Coming back to our analysis of the 'event', where, we do not know the reason why the toddler is crying, why she is rolling on the floor, why she is singing happily at one moment and crying on the floor the next moment, what should be our reaction? The child herself doesn't know why she behaves that way, she doesn't know how her mind functions, she doesn't know how and why her body acts in a particular way. How can she answer the infinite questions that you get on her actions?

So, here are some points to remember:
  1. Their brain is not completely developed to tune their behaviour in public places.
  2. A child might have had a tiring day, just as an adult, and hence the irritation. Or, may be, the child was wanting some personal time with caregiver for which she kept waiting and hence, the sudden down pour of tears refusing all that is offered to her. Spending some quality time with young children is very important for their emotional development. Don't just focus on engaging her someway, try to have some quiet time talking about various things with your child. The child has to be emotionally content for her to develop a sound behaviour as she grows up. Another reason could be strong-will, having a strong will to do things on own. Best way to react to such children is to encourage them with a little guidance. You should appreciate the fact that the child is making an attempt to do things on her own. Do you want to discourage her by yelling 'See, I told you, you cannot do it, I would do, but you refuse to listen' or encourage her by teaching the right way to do it?
  3. A toddler cannot tell you 'Ma, I am very tired today, I want to rest'. She simply screams and gets irritated to whatever you offer. Hug her tight and talk to her soothingly, everything comes to peace.
  4. So, you had a hectic day and you expect your child would co-operate with you staying calm however hectic her day was? Leave alone how she handles her tiredness, she doesn't even know how to express her thoughts to you.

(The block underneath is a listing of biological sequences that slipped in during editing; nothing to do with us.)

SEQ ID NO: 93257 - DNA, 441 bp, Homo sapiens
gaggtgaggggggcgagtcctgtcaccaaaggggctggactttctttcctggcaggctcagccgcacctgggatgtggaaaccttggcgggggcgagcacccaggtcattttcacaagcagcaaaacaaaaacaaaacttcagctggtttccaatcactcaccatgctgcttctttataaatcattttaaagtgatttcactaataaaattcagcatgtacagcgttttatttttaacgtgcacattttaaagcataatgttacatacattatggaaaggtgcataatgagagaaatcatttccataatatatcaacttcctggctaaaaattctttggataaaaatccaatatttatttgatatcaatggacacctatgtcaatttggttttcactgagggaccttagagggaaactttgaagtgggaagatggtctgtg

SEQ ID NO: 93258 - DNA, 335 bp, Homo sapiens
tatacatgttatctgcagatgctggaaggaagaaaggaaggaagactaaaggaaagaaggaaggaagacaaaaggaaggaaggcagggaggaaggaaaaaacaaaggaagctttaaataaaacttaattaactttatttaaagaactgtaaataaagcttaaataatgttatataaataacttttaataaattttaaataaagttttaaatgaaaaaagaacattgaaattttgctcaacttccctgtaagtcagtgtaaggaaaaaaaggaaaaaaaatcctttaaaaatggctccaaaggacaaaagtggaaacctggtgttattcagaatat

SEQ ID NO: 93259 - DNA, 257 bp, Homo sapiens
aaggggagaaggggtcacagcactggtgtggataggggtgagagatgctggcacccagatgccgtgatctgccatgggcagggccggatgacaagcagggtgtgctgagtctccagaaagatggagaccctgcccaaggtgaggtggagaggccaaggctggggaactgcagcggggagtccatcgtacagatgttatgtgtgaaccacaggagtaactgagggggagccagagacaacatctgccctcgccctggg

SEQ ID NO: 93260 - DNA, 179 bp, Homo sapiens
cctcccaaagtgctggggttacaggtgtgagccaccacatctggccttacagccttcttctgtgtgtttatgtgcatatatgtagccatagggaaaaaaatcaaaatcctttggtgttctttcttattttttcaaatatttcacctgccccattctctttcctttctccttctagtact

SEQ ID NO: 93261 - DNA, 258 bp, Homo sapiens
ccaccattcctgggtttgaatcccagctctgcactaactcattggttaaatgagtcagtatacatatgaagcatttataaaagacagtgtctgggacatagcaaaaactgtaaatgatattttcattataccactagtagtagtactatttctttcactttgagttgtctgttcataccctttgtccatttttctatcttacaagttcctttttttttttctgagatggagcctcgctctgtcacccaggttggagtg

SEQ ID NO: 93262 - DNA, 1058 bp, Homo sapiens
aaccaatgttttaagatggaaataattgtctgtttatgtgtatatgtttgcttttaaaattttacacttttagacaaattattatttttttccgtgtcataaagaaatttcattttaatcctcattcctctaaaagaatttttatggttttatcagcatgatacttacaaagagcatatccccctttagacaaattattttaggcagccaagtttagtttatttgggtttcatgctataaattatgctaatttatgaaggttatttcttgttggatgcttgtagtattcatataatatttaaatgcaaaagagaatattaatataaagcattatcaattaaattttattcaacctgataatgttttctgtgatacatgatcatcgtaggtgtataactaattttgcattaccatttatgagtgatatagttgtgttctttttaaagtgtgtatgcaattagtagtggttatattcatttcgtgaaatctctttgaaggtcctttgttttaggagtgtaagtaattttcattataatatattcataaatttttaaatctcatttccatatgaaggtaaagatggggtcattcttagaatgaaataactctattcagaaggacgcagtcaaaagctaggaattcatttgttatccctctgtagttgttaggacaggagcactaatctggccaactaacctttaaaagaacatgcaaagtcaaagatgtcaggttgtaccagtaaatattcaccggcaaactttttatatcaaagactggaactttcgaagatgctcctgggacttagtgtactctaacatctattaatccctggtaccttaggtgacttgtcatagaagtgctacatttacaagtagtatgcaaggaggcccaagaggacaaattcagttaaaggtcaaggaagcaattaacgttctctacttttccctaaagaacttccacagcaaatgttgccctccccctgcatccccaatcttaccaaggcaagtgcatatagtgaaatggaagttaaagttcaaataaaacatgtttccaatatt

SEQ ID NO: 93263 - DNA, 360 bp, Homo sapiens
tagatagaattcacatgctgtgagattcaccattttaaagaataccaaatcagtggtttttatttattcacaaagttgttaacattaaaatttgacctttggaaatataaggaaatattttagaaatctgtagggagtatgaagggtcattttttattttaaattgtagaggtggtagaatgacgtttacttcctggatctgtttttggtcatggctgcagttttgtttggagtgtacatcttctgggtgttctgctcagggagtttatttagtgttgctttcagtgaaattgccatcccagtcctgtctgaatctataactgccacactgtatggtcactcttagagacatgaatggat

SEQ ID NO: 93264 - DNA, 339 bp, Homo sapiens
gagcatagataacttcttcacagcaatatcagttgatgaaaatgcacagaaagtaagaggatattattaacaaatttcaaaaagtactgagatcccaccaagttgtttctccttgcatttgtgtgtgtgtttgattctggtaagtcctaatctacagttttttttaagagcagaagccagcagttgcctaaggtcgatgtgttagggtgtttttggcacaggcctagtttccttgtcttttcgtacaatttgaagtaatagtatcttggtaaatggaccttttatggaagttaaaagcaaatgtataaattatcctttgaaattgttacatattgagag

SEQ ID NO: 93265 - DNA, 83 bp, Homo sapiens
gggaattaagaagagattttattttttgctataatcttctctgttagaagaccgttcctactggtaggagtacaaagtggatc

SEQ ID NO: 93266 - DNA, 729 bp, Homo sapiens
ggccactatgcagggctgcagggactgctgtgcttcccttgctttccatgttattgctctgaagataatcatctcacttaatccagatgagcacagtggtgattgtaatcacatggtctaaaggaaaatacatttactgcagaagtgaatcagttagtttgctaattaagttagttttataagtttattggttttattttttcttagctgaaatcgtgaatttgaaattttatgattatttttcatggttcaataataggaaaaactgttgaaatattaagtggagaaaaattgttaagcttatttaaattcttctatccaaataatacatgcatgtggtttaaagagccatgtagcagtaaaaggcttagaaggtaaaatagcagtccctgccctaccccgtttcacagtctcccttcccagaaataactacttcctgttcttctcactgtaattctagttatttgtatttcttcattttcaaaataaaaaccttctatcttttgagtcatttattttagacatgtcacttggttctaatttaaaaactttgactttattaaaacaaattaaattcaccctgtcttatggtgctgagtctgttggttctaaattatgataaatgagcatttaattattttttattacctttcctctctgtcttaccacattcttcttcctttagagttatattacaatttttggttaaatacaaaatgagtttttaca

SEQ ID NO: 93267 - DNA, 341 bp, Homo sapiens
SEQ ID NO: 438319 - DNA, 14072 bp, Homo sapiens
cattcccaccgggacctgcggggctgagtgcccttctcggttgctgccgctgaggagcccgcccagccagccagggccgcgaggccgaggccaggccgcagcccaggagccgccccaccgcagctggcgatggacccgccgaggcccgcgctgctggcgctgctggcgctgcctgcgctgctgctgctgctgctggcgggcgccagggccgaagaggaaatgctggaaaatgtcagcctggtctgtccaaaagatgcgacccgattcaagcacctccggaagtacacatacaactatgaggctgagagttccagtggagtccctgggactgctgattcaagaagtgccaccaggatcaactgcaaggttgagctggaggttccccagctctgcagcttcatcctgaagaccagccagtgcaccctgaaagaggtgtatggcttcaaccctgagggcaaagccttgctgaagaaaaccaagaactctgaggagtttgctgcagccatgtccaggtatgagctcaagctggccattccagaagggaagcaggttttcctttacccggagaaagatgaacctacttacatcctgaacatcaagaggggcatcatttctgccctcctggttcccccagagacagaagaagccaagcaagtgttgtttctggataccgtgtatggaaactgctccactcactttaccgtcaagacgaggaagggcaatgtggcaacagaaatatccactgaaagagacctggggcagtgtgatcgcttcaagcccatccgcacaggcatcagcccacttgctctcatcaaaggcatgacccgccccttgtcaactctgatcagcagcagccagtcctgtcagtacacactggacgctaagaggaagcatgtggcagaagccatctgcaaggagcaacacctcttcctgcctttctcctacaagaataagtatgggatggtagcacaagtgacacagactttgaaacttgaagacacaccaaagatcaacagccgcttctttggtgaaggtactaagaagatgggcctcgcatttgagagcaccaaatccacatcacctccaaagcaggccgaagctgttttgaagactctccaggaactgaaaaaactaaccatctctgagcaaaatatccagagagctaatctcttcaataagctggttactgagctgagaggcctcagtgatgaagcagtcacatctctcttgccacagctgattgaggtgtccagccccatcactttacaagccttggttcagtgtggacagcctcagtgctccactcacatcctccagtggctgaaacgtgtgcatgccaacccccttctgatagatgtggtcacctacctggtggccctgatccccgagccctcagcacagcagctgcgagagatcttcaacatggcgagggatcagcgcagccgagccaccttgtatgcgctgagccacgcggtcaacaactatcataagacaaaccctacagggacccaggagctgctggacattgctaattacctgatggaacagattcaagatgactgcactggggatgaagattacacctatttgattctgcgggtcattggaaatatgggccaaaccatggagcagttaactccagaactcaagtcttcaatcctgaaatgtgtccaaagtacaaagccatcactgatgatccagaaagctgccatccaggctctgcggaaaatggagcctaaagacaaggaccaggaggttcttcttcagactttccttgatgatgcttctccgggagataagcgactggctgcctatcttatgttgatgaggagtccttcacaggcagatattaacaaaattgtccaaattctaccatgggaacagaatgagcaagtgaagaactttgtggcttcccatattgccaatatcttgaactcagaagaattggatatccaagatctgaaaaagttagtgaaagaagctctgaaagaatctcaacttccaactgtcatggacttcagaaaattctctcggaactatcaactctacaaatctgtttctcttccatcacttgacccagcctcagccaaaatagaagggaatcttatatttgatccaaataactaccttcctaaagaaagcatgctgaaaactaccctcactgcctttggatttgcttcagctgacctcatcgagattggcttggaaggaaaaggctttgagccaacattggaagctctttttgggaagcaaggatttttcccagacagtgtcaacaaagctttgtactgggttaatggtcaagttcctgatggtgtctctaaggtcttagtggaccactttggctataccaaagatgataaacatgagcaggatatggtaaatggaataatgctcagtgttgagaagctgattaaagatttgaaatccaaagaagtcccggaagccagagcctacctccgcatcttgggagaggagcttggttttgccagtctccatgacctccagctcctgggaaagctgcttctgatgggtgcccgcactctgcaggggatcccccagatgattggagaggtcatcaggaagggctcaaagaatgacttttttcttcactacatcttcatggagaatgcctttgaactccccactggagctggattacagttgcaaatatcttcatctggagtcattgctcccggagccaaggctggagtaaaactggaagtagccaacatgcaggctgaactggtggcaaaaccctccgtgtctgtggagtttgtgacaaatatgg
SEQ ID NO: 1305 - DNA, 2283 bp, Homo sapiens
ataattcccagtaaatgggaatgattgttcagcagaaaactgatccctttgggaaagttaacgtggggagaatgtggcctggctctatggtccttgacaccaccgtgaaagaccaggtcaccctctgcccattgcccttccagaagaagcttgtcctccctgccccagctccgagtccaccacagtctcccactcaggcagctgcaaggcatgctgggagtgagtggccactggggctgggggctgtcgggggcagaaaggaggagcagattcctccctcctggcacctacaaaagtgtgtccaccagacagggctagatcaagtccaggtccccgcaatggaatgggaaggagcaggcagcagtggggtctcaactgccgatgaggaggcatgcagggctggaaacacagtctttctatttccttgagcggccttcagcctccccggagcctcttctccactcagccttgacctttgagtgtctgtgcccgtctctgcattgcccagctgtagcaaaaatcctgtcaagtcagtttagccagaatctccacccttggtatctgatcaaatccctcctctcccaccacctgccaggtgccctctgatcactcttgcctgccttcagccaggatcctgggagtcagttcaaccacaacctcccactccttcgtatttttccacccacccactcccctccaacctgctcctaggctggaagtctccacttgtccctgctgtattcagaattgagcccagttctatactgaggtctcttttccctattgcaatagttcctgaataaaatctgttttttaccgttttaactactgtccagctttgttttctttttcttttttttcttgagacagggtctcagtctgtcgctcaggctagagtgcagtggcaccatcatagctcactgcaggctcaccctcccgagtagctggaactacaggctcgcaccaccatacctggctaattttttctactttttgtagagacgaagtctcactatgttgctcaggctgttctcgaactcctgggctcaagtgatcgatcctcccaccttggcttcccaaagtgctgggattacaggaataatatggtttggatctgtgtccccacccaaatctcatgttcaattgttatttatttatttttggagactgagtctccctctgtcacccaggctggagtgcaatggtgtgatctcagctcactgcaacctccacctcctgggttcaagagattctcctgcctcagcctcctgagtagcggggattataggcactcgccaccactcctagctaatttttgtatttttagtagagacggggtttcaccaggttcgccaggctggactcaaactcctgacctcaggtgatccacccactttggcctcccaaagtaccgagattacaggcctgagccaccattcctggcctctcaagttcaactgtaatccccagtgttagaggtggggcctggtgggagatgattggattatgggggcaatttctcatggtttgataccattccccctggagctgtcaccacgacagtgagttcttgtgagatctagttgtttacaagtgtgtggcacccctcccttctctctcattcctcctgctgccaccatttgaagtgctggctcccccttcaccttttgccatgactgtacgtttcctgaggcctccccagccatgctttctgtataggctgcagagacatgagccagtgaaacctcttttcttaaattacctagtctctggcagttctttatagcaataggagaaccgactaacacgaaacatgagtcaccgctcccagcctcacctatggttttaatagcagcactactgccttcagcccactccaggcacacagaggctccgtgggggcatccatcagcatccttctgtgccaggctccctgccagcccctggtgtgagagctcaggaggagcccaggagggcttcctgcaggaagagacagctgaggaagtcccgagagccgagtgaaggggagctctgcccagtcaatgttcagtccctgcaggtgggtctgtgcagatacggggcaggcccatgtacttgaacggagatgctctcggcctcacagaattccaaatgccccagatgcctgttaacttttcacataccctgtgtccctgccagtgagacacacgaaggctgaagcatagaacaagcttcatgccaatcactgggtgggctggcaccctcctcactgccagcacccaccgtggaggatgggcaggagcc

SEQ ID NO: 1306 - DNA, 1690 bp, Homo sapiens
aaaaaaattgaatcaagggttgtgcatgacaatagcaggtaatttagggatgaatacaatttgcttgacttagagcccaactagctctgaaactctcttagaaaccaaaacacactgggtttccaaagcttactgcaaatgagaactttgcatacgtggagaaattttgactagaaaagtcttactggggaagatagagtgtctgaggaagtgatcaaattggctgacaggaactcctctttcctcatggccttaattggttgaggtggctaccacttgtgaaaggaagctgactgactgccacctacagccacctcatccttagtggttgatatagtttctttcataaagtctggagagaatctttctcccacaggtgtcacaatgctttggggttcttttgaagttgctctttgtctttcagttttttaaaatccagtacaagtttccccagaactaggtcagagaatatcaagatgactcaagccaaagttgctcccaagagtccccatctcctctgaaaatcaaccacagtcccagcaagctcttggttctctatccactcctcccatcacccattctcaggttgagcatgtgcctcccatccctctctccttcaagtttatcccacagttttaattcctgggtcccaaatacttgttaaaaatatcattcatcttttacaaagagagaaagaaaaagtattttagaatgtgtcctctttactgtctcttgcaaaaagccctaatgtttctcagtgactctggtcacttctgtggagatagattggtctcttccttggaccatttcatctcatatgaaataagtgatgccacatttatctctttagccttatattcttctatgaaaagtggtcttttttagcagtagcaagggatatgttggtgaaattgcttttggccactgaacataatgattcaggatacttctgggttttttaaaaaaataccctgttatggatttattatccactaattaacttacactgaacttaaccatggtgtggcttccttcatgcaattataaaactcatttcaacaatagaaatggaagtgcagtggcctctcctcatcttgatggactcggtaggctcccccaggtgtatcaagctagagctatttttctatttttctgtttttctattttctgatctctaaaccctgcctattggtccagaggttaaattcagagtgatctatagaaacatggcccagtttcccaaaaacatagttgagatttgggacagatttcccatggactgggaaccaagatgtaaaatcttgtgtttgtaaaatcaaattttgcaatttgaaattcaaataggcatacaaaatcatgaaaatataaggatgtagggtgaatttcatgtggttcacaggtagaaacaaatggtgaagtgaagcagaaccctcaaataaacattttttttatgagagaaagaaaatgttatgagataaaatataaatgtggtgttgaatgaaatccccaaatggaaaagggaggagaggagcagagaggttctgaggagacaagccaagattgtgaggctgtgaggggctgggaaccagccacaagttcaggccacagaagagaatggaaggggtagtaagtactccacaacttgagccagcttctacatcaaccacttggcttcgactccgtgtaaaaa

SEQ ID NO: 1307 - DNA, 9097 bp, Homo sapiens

5. Who should be calm? Who is expected to be cranky?
  6. Remember that your child is continuously learning from the way you react to her actions. Do you want to teach her a better way of handling the self or do you want to get irritated and make her further cranky?
  7. Whatever mood you are in, it is immediately transferred to your child. That is how the child learns from surrounding and develops her personality. If you are cheerful(despite your hectic day) and handle your child with patience, your child will get into peaceful terms with you. If you are irritated, start yelling at your child, your child will surely pick up the negative frequency and develop the same irritable mood.
  8. Before you react to any of your child's actions, question yourself 'What are you teaching your child with that reaction of yours?' and your reactions would surely move to the positive plane of energy.
  9. Most of adult behaviour stems from his/her early childhood experiences. When the child is emotionally content, learning peace from family members, he/she is sure growing up to an adult who can handle pain/violence in the world in a positive manner.
  10. To teach any child, techniques of staying calm, first, the parent has to learn to stay calm. 
Hoping to see more of positive parenting in the view to raise a whole generation of kids who would have a better perspective of life.